5 comments on “Q Who

  1. The unspoken exchange between Picard and Geordi in the opening scene is great (and all the other engineers do a super job of not gawking or snickering at the new ensign’s faux pas). Also, I wouldn’t have noticed it had Derek not called it out, but these Sonya scenes do a good job of establishing Star Fleet as maybe too soft for the dangers they’re approaching.

    Picard: “Would you start as an ordinary crewman? What task is too menial?”
    Q: “I could tend bar! Or space out in the middle of a conversation to go gaze cryptically out a window. Take Tasha’s order and then, instead of filling it, go bus tables. Oh, and we can pretend I’ll be around enough to need my own office.”

    Memory Alpha says the pose Whoopi takes on meeting Q is almost identical to one her character used in The Color Purple when confronting her abusive husband–that certainly casts Gainan’s conflict with Q in a new light. It’s clever how the writers give her standing equal(ish) to Q and then make her openly afraid of the Borg; the Borg may not be godlings like Q, but they’re obviously further up the ladder than the Federation is. Given that Gainan and Q share some sense of how fast humanity is “expected” to progress, and supposing the two of them had a falling out two centuries ago, I wonder if they’d been collaborating to prop up humanity as a foil to keep the Borg from coming after the Continuum.

    I like how the presence of a “borg nursery” makes this cube almost completely analogous to the Enterprise.

    I suspect the Borg are called “the ultimate consumers” mainly to signal that they’ve supplanted the rapacious “Yankee Trader” Ferengi as the series’ primary villains. Geiger, cyborgs, distributed computing… I think TNG seized the zeitgeist at the right moment. Not sure the ’90s have anything to compete with that; if Voyager had tried, whatever they came up with would be immediately compared with the Borg and the Founders. Maybe the body-snatching bugs from TNG’s season 1 finale could’ve worked.

    • I’m no expert on Voyager, but I think that Q also had a healthy amount of discretion around the Borg (despite blatantly swooshing the Enterprise out from under their noses). But yeah, I like the theory that they’re using The Federation to solve their Borg problem.

      I hadn’t made the nursery connection, but I like it. It’s slightly harder to hate on the Borg for assimilating children when they’re raising Wesley to be a Starfleet officer. It’s a very different scenario, but the parallel is there.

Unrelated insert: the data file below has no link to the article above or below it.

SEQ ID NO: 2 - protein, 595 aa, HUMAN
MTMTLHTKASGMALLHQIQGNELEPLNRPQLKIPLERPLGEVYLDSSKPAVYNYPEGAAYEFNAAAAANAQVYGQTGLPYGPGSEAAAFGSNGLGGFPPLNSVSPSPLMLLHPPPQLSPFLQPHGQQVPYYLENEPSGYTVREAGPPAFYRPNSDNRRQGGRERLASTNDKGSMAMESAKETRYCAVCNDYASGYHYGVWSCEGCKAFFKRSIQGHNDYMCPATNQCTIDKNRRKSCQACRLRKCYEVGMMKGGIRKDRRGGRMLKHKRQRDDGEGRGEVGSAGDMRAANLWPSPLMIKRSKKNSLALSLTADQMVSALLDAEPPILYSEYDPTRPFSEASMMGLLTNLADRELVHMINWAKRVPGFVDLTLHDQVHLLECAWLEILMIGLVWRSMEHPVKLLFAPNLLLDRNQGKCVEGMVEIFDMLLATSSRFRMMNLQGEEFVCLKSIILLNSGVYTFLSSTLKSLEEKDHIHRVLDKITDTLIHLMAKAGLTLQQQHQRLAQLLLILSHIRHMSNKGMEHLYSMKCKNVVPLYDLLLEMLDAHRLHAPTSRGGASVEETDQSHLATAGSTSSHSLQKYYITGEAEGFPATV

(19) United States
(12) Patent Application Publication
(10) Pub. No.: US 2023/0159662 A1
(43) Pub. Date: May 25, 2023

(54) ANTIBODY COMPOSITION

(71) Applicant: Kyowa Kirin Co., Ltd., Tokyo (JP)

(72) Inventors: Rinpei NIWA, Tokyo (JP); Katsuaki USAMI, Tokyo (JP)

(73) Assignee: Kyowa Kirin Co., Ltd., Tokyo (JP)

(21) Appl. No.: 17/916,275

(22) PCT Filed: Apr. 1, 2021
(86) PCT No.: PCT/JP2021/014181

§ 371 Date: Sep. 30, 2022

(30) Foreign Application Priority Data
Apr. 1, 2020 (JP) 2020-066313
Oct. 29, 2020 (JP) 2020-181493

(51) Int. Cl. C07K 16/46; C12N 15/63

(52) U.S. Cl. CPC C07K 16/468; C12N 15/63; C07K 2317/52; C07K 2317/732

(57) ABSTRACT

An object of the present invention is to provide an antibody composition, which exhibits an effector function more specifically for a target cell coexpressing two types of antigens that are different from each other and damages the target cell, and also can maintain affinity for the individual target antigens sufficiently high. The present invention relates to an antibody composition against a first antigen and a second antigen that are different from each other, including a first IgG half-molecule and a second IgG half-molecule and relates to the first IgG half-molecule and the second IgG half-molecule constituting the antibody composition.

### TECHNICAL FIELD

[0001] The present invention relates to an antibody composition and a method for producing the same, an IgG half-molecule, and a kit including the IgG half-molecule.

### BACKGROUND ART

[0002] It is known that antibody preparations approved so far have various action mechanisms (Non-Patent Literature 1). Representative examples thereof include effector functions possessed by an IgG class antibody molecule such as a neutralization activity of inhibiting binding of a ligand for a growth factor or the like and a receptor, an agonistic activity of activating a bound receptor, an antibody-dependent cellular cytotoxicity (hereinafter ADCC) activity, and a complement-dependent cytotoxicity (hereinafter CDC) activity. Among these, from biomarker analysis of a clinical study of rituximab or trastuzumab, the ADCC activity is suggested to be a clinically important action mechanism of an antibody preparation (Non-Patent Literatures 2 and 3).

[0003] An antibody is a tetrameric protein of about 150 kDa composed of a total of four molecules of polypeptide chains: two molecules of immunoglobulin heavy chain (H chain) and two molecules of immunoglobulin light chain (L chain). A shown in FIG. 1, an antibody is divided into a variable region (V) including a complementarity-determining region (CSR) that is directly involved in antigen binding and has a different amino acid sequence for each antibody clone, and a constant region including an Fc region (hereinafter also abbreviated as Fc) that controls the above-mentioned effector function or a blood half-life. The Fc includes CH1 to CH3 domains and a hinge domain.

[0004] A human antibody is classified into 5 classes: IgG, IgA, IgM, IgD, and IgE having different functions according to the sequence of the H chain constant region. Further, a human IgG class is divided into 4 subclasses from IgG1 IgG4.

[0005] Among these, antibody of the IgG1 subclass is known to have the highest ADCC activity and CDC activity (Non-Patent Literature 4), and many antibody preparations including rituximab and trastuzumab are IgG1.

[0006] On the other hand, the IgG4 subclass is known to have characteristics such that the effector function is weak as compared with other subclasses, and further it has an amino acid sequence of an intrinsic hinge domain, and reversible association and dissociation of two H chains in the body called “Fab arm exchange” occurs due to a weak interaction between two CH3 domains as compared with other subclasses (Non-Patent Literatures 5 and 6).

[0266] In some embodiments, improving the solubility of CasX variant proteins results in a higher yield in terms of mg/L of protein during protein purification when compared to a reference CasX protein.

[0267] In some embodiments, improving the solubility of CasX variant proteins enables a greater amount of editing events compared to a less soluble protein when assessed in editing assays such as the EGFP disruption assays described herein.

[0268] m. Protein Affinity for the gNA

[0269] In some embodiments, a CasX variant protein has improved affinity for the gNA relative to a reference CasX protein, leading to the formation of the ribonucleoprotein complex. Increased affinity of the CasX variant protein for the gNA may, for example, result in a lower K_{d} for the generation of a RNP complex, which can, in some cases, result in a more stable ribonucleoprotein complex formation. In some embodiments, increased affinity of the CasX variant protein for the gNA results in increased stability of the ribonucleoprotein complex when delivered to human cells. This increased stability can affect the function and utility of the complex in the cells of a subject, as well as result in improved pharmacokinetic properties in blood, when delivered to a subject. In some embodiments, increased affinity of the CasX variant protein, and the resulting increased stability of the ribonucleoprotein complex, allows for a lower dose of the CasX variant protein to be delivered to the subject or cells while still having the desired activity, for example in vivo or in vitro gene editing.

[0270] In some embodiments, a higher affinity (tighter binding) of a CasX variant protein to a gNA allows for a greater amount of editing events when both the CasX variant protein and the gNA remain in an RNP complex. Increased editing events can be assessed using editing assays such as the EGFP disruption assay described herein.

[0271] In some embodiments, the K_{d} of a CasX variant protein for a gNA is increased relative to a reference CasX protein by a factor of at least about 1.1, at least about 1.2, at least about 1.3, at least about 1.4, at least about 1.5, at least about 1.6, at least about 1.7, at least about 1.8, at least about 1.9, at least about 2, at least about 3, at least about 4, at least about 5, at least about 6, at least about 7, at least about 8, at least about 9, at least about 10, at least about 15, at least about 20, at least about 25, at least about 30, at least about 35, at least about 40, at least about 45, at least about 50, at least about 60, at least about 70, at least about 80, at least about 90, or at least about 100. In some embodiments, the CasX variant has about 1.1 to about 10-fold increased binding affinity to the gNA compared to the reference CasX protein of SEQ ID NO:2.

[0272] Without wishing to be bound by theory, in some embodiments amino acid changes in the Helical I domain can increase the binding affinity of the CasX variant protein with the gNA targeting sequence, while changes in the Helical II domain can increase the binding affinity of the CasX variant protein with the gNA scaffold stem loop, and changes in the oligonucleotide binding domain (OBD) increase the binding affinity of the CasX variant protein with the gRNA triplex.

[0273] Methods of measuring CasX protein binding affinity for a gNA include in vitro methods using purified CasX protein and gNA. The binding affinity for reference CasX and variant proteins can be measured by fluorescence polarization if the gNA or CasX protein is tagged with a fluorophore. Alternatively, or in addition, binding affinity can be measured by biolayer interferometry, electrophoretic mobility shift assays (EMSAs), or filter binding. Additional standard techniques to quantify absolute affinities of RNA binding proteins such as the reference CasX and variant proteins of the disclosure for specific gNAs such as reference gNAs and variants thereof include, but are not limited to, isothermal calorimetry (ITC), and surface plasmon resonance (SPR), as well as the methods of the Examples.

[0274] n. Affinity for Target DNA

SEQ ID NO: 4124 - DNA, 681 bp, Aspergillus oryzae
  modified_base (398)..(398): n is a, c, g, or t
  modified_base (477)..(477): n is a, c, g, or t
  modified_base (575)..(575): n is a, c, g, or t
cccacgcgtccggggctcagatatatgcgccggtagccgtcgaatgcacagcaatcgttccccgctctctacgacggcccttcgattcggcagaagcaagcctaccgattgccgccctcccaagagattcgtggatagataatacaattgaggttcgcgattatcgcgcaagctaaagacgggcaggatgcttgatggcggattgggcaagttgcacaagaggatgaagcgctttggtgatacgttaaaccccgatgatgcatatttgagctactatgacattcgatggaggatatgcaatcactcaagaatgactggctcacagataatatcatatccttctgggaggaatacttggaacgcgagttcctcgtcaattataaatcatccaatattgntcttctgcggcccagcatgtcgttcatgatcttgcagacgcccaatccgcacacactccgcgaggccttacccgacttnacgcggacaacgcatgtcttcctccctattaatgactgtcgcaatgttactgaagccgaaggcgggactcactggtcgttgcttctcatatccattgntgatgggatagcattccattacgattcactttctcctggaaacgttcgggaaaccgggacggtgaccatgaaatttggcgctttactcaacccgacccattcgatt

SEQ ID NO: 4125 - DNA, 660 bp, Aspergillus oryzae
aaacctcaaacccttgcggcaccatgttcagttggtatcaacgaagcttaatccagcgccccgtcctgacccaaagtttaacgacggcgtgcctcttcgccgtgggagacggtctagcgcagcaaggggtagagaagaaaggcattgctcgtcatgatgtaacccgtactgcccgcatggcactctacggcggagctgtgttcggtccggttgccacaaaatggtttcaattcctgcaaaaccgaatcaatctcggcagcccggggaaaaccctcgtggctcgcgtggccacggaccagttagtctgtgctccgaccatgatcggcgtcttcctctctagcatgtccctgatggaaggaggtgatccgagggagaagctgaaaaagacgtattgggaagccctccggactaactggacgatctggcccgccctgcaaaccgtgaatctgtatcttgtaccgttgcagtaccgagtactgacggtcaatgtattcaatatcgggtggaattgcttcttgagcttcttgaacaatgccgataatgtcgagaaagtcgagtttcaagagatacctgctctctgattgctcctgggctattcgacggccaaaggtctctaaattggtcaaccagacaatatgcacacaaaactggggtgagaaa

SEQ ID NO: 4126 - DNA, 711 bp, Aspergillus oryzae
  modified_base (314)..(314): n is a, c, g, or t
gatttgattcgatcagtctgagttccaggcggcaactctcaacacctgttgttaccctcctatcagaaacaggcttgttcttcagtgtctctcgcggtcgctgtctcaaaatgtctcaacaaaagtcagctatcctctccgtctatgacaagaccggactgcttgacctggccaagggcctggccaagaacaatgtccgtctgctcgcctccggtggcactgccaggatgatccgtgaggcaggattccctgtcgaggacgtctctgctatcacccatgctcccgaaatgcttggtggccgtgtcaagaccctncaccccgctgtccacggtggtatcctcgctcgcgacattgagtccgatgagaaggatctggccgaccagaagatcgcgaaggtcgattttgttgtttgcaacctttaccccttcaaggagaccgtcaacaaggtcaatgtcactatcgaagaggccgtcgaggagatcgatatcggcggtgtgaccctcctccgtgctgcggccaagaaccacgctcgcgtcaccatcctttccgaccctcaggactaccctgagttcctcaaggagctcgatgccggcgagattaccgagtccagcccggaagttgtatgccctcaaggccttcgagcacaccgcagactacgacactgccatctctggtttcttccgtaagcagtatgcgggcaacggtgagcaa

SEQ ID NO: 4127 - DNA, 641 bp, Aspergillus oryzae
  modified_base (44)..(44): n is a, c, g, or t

I thought he said, “ultimate user” because people in the 90’s didn’t understand how the word “user” worked. I don’t think either phrase really works; it’s a blatant, dramatic line that kinda feels like it’s of its time.

      Inevitably, Voyager’s villains were going to either be shitty and forgettable (Kazons and Vidiians) or stuck being compared to the Borg (Species 8472). I mean, the Hirogen were pretty cool. I never saw the episode with the Vaadwaur, but they had some potential. I guess “had some potential” is Voyager’s whole story though.

  2. I read the swooshing as deliberate Borg bait – “These organics don’t have the technology to do this. How are they doing this?” Risky to put Wesley in their reach though.

    I was thinking more of the Enterprise’s civilian school and families, but you’re right, Wesley’s the more direct parallel.

    I think Voyager also suffers from trying to move Trek into a new era, because that means resolving the Borg threat in some way, and resolving the Borg threat will – because this is Trek – inevitably mean some kind of alliance, which means the next villain has to be even more over the top than the Borg already were. Not everybody can be Gurren Lagann.

    • I’m sure I’ve gone on about it, but in “Descent,” it was heavily implied that the Borg were done. The TNG crew sent Hugh back and the Borg didn’t exist anymore; their cube was inoperable, they built a new ship, became the cult of Lore and no one came for them. No one was sent to find the lost cube. Hugh never said, “I guess I will lead this group of Borg, but the queen rest of the collective will come looking for us so…”

      Season 7 was all about wrapping up storylines and “Descent” fits that by putting the Borg to bed (and even having them ally with the Enterprise crew for a bit). The very next year, Sisko rolls up with a half-finished Defiant because “w/e bitches, The Dominion is the real threat.”

      First Contact changed that. I can’t even blame this one on Voyager. Voyager didn’t even start using the Borg until after First Contact did it and everyone conveniently forgot about “Descent” so they could enjoy a stupid action movie version remake of one of Star Trek’s finest hours.

      • Damn, forgot about that. I guess that answers the initial question then – to get something as iconic as the Borg you’d have to put a movie behind it.

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